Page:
The FBI is the investigator and almost never the investigated. That, however, changed dramatically when Republicans took control of the House in January and began fulfilling promises to probe the nation’s top law enforcement agency.
The August raid on former President Donald Trump’s Florida home by federal agents shifted the narrative around the bureau. Now conservatives saw the agency as being “weaponized” against the White House’s enemies.
It was just a few days later that FBI Director Christopher Wray felt the need to email his department and urge them to block out the deafening sounds coming from critics.
That noise got even louder when it was revealed that President Joe Biden was apparently guilty of the same infraction that resulted in Trump’s residence being raided. Word came of collusion with social media platforms to suppress explosive stories that might harm Democrats at the ballot box.
Congressional Republicans regularly assert that the power of the federal government, including the FBI, is being used against conservatives. The House is currently investigating such “weaponization.”
And the scrutiny of Jan. 6 continues.
Wray was interviewed recently by the Associated Press, and the embattled director downplayed the controversy swirling around the agency. “I look not just at the one or two investigations being discussed breathlessly on social media or cable news,” he said.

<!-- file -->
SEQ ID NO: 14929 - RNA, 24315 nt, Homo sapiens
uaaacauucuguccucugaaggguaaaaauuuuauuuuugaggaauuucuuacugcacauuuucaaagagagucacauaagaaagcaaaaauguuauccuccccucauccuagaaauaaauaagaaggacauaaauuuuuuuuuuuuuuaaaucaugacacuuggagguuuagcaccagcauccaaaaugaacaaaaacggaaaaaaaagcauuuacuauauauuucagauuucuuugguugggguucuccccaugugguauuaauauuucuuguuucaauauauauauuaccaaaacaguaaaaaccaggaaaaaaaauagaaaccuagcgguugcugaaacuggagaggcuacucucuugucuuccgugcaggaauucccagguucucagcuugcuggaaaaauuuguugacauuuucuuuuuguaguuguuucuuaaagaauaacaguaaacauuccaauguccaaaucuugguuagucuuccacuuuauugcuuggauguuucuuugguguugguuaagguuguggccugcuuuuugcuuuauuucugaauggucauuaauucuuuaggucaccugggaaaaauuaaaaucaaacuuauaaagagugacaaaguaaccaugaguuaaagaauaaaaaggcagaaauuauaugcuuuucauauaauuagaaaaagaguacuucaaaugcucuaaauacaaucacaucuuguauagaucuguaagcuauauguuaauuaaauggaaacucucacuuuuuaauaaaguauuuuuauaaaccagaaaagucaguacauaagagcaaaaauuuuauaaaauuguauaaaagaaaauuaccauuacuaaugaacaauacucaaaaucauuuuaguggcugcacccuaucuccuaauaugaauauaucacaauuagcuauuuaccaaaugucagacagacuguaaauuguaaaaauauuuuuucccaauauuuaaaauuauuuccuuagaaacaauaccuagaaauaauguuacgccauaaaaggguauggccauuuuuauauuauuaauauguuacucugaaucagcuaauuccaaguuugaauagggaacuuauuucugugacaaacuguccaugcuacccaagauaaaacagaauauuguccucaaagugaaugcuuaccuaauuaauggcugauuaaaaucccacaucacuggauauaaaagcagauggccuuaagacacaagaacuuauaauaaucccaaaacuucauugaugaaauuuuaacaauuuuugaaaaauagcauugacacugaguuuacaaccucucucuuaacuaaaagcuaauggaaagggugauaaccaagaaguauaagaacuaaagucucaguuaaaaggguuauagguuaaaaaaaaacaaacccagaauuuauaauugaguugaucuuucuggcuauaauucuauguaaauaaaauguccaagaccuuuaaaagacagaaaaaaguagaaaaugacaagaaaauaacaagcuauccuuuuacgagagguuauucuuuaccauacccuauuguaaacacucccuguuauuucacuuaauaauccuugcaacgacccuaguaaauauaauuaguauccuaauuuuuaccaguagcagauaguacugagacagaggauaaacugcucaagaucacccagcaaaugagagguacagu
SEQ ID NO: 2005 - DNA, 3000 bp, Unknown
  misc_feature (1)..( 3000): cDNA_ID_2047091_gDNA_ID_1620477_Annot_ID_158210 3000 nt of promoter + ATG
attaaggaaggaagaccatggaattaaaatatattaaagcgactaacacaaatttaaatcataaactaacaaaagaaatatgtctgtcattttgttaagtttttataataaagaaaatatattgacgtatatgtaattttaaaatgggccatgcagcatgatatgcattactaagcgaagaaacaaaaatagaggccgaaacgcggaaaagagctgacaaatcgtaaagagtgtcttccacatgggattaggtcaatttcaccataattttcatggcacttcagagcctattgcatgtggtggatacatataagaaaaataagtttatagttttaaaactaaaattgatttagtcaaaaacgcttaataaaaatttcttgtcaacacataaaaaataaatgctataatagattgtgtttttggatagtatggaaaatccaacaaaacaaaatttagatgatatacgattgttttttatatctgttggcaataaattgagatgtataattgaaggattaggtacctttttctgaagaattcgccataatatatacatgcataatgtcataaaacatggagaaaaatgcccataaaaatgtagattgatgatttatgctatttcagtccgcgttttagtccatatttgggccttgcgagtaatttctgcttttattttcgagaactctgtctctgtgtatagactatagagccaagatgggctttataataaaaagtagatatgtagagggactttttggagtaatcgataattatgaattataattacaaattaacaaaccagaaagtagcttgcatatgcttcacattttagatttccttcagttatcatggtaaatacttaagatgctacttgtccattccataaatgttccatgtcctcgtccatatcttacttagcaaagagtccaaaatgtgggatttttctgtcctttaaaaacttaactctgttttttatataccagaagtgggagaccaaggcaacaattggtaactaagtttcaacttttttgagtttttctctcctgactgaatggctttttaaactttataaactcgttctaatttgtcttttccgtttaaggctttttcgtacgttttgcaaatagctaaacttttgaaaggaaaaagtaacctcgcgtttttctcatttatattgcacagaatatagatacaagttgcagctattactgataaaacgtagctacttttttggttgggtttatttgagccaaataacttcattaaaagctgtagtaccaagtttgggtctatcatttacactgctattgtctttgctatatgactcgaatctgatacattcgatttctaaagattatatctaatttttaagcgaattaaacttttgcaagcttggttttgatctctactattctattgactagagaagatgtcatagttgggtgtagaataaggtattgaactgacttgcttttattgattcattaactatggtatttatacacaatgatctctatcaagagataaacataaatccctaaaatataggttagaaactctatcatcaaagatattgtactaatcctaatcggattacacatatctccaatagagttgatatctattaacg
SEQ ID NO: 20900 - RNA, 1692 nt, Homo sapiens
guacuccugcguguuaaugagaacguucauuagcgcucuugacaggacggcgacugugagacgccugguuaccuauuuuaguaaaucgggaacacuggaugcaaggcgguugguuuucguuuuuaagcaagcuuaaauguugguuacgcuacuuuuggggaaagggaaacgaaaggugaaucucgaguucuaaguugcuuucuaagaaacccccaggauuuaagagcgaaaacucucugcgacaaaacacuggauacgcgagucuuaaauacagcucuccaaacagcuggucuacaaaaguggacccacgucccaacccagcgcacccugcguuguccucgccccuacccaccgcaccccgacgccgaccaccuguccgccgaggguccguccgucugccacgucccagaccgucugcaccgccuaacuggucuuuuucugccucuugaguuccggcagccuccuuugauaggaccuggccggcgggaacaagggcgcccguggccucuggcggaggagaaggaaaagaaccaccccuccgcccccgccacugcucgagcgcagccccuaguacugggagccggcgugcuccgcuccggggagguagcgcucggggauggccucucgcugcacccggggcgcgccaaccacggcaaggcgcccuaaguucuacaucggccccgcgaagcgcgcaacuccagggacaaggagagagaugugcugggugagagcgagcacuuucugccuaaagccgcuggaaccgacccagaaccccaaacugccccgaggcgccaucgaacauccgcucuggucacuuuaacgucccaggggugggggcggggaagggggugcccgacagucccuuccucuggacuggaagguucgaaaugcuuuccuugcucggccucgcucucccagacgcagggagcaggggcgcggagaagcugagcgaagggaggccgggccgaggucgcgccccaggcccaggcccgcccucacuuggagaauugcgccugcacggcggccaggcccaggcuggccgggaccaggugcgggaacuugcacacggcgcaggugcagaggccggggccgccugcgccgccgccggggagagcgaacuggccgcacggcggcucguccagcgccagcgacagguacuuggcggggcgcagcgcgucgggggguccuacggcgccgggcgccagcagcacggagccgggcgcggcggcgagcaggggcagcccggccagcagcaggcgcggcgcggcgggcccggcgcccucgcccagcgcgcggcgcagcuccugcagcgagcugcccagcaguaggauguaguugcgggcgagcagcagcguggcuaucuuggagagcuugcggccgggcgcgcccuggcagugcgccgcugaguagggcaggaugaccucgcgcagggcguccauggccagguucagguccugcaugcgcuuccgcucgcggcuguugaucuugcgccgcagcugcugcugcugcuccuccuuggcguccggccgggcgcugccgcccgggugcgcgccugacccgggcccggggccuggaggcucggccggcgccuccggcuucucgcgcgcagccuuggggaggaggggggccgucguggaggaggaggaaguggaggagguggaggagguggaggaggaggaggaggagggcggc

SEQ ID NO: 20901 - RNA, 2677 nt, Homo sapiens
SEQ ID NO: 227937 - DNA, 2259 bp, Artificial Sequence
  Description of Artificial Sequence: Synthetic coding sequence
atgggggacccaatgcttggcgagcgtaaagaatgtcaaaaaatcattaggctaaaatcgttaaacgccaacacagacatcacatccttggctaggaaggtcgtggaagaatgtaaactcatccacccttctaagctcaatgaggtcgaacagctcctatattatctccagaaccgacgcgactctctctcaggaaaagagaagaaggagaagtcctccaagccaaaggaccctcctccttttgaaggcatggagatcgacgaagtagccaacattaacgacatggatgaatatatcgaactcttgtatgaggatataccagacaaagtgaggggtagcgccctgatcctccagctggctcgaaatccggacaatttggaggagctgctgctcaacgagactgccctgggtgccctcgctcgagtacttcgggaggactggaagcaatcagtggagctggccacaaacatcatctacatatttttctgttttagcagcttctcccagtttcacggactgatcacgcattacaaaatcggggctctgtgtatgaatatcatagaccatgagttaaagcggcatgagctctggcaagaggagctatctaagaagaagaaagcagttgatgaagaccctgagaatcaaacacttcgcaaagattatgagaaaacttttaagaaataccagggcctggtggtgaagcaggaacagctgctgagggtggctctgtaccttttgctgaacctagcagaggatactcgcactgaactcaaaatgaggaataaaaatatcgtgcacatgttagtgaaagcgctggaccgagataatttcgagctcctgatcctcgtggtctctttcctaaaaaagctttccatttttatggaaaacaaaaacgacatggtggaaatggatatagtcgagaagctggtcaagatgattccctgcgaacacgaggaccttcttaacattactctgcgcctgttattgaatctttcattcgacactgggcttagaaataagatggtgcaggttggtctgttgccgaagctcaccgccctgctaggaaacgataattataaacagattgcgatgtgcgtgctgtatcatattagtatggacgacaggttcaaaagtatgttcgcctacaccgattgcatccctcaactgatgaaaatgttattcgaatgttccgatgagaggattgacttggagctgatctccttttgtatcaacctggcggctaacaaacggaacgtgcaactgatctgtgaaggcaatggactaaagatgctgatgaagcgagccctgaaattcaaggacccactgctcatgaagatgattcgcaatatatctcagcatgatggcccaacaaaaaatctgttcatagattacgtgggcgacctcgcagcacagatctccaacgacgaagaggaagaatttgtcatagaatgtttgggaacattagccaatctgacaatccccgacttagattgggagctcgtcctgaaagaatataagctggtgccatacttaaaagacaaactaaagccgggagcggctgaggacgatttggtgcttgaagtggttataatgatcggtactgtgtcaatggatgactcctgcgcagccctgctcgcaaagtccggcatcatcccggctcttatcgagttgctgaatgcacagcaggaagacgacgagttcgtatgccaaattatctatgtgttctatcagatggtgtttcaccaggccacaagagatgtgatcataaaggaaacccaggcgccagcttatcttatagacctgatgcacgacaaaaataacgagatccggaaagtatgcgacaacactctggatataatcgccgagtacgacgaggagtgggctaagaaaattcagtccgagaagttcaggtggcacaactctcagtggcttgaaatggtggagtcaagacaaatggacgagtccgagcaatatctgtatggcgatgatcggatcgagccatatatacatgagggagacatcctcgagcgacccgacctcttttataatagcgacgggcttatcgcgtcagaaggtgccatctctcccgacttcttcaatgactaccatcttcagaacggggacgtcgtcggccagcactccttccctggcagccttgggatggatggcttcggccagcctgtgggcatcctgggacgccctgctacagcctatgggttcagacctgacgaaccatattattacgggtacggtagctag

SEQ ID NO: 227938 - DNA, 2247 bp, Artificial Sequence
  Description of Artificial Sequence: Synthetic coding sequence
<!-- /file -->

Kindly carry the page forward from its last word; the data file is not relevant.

Rather, Wray pointed to the “impact we’re having across the country to protect the American people.”
But that does not deflect from multiple whistleblower complaints lodged by FBI insiders against the bureau’s alleged targeting of conservative voices and platforms. Among the leading critics is Rep. Jim Jordan (R-OH), who said he supports FBI agents but has misgivings about its leadership.
The AP reported that roughly two dozen current and former FBI officials were interviewed for the story, most anonymously. Many expressed concern that the agency has become embroiled in political controversy and blamed some of its own actions for the situation.
One complaint centered on last year’s FBI memo directing agents to probe parents protesting at school board meetings. Some of those interviewed believed that it was a misstep that welcomed criticism and placed the bureau squarely in a political firestorm.